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The health of female prisoners in Indonesia

The health of female prisoners in Indonesia Purpose – Indonesian law provides prisoners with basic rights, including access to education, health care and nutrition. Yet, structural and institutional limitations, notably overcrowding and under-resourcing, prohibits penal institutions from fulfilling these commitments for female prisoners. The purpose of this paper is to explore their health concerns. Design/methodology/approach – Six prisons and one detention centre were researched, comprising: female prisoners ( n =69); clinical officers (six); clinic heads (seven); wardens (seven); heads of prisons (seven); and a Directorate representative. Data were collected through observation, focus group discussions, in-depth interviews and a semi-structured questionnaire. Raw data were transcribed and analysed thematically, adopting the General Principles of Grounded Theory. Findings – Both “formal” and “informal” health-coping strategies were dependent upon a range of factors which determined access to treatment, medicines and other items procured both inside and outside of the prison, as well as referral services. Informal systems of support existed for women, especially in regard to pregnancy and raising of babies born in detention. Systems that maintain harmony within cell blocks were identified as an important informal coping strategy. Originality/value – This research is important in informing policy and practice. There is a clear need for gender-sensitive legislative frameworks, penal policies and prison rules to ensure women's needs are addressed. The identified coping strategies were considered viable, but do not replace the need for a health system providing women prisoners with levels of care as available in the community, including commensurate budgeting, personnel, access and referral to more specialised external health services. http://www.deepdyve.com/assets/images/DeepDyve-Logo-lg.png International Journal of Prisoner Health Emerald Publishing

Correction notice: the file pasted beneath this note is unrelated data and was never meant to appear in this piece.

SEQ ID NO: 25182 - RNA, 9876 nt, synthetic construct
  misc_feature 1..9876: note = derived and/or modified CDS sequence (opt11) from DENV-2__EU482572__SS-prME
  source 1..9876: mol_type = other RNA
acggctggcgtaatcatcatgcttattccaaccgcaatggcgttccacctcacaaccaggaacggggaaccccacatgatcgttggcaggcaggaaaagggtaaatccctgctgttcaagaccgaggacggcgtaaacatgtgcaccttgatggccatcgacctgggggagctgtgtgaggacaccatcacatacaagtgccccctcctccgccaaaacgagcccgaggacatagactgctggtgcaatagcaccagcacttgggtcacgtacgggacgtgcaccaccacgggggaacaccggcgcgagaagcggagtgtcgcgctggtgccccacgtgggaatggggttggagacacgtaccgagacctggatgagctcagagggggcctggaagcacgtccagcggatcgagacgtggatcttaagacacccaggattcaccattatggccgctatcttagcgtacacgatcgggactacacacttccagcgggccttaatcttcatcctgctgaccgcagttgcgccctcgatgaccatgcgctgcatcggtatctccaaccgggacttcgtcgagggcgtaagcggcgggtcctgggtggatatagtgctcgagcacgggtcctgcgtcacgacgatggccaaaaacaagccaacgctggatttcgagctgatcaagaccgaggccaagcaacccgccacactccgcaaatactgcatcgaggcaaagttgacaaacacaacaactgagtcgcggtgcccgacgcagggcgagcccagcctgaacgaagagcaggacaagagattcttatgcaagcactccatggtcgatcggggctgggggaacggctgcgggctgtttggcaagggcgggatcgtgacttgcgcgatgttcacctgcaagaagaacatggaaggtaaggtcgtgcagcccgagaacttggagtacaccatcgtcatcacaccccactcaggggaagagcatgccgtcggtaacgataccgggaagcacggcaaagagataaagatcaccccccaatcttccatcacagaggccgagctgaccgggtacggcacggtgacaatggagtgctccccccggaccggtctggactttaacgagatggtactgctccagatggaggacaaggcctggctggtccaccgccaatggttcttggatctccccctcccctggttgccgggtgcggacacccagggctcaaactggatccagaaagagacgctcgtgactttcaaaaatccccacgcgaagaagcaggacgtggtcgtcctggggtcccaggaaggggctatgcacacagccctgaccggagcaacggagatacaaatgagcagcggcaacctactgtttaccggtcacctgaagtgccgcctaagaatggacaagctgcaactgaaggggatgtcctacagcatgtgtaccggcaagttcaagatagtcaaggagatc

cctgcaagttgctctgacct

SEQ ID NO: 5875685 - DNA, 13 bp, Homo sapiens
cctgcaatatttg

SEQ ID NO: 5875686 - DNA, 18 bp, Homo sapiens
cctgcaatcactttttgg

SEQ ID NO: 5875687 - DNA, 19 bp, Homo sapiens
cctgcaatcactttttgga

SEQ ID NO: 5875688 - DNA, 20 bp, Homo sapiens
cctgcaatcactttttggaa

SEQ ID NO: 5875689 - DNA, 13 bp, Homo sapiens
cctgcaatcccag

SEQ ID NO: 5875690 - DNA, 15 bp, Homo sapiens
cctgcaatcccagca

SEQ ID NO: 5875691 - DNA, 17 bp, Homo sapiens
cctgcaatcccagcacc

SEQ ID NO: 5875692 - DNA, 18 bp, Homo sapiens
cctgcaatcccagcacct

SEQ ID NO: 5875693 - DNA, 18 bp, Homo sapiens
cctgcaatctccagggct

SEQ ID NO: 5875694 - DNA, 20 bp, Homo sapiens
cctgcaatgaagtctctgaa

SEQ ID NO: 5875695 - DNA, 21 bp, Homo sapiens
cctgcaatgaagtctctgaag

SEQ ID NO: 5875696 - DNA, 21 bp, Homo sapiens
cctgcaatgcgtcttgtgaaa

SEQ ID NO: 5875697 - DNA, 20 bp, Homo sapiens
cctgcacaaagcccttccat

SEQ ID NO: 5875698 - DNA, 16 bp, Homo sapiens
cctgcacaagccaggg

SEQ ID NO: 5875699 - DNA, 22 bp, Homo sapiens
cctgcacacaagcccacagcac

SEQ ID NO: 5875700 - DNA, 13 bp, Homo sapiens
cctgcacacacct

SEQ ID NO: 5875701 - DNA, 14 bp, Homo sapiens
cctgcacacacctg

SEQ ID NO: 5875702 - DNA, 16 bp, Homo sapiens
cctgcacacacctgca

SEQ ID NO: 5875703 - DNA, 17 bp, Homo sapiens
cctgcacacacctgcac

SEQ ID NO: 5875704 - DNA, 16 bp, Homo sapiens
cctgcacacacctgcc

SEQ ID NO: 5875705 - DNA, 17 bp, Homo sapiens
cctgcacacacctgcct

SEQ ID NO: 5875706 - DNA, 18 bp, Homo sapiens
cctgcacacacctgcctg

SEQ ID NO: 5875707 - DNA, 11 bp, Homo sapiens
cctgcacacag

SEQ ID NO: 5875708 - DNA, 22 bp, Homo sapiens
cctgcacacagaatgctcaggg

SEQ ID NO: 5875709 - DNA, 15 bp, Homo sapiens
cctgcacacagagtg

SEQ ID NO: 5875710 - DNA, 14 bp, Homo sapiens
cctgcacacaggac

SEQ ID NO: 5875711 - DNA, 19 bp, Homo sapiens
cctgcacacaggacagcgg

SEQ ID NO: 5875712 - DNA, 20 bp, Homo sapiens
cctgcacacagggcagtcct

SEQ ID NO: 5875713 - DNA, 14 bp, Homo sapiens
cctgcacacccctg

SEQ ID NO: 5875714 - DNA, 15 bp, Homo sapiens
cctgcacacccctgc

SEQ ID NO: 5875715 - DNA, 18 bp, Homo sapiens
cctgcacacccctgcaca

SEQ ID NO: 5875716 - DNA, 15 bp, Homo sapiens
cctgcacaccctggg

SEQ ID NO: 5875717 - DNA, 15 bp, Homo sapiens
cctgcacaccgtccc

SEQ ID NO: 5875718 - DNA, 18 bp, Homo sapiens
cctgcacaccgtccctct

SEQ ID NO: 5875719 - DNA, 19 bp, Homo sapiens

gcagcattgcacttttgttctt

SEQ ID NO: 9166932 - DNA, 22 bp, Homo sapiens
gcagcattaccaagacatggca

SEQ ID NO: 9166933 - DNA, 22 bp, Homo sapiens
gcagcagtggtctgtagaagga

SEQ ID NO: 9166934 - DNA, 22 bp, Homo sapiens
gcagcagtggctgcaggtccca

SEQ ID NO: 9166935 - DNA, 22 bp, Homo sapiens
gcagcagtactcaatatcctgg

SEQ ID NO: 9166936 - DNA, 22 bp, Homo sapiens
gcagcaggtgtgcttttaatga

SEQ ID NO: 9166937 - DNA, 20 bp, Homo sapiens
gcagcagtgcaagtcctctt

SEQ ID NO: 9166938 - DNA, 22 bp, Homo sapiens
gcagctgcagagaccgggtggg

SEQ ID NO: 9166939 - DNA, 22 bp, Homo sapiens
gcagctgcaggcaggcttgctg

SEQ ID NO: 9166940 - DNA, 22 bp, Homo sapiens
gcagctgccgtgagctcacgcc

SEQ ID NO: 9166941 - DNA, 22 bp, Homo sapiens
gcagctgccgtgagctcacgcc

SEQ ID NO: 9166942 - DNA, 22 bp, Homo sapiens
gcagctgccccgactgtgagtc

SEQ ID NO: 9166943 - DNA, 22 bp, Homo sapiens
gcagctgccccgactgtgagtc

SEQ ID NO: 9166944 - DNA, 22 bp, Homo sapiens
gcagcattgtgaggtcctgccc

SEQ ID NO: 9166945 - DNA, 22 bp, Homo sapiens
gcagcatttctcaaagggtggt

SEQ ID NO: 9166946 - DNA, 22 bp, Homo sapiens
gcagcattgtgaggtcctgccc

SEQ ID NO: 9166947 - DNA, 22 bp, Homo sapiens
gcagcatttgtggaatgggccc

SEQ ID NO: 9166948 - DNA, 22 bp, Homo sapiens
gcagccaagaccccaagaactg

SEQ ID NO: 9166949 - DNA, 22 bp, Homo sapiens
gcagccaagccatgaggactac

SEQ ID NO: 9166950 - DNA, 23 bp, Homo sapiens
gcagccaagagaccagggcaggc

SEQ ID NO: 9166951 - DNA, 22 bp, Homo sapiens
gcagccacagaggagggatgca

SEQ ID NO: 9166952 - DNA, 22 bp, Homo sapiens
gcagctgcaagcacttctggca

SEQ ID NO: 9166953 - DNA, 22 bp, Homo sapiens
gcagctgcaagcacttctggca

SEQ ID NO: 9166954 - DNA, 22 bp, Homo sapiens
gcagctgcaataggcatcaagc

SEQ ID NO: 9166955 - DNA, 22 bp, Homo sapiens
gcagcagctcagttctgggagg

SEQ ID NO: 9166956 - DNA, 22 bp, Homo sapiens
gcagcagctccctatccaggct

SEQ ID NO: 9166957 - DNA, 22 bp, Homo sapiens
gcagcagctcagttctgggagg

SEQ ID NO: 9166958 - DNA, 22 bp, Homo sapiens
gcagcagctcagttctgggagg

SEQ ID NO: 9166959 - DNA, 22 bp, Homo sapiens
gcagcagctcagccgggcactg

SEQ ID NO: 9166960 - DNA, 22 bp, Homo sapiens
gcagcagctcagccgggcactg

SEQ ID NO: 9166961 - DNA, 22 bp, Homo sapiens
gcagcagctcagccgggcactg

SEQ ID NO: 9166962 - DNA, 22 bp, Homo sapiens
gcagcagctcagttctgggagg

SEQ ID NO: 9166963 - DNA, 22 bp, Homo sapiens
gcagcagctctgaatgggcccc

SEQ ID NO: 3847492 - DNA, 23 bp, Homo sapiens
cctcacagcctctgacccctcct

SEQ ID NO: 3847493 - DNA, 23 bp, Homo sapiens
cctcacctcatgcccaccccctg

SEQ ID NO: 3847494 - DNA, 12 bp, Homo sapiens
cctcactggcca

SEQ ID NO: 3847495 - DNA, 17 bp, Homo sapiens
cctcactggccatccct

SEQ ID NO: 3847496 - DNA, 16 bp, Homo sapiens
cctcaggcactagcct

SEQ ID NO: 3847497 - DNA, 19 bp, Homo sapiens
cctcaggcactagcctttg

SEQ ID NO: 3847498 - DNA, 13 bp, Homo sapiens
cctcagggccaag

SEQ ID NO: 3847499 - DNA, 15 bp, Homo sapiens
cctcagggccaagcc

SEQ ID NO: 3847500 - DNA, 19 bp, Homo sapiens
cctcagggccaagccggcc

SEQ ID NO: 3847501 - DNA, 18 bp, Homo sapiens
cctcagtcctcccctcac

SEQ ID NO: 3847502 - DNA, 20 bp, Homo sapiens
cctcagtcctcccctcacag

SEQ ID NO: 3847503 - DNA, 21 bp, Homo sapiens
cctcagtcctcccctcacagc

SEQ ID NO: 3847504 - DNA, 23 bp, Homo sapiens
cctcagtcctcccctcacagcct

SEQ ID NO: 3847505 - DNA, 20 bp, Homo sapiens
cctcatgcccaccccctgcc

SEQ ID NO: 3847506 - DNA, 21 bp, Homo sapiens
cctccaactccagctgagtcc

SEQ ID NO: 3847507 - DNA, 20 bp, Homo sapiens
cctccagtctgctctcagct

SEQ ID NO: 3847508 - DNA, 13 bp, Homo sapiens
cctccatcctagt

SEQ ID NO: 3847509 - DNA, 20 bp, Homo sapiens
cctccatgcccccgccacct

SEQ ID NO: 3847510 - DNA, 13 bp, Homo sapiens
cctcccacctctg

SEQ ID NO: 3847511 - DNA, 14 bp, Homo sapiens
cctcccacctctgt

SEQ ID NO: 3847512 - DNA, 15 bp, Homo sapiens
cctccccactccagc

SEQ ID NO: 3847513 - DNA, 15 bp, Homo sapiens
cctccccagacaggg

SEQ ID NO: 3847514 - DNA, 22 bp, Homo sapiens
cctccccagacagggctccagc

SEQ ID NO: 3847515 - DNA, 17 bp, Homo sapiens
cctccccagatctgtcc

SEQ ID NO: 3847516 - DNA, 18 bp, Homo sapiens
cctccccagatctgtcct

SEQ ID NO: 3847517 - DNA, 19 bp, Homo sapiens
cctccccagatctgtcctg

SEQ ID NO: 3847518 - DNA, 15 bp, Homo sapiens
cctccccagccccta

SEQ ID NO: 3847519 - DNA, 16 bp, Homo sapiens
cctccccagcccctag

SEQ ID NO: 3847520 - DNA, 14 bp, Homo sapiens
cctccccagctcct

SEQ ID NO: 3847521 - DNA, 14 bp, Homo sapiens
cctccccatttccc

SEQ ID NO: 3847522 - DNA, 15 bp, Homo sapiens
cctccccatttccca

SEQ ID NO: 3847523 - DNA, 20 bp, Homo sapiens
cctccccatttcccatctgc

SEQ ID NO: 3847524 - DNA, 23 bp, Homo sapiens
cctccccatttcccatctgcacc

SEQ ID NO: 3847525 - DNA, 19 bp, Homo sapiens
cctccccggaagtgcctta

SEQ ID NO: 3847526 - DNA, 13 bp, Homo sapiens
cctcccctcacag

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Publisher
Emerald Publishing
Copyright
Copyright © Emerald Group Publishing Limited
ISSN
1744-9200
DOI
10.1108/IJPH-08-2013-0038
pmid
25764293
Publisher site
See Article on Publisher Site

Abstract

Purpose – Indonesian law provides prisoners with basic rights, including access to education, health care and nutrition. Yet, structural and institutional limitations, notably overcrowding and under-resourcing, prohibits penal institutions from fulfilling these commitments for female prisoners. The purpose of this paper is to explore their health concerns. Design/methodology/approach – Six prisons and one detention centre were researched, comprising: female prisoners ( n =69); clinical officers (six); clinic heads (seven); wardens (seven); heads of prisons (seven); and a Directorate representative. Data were collected through observation, focus group discussions, in-depth interviews and a semi-structured questionnaire. Raw data were transcribed and analysed thematically, adopting the General Principles of Grounded Theory. Findings – Both “formal” and “informal” health-coping strategies were dependent upon a range of factors which determined access to treatment, medicines and other items procured both inside and outside of the prison, as well as referral services. Informal systems of support existed for women, especially in regard to pregnancy and raising of babies born in detention. Systems that maintain harmony within cell blocks were identified as an important informal coping strategy. Originality/value – This research is important in informing policy and practice. There is a clear need for gender-sensitive legislative frameworks, penal policies and prison rules to ensure women's needs are addressed. The identified coping strategies were considered viable, but do not replace the need for a health system providing women prisoners with levels of care as available in the community, including commensurate budgeting, personnel, access and referral to more specialised external health services.

Journal

International Journal of Prisoner HealthEmerald Publishing

Published: Dec 9, 2014

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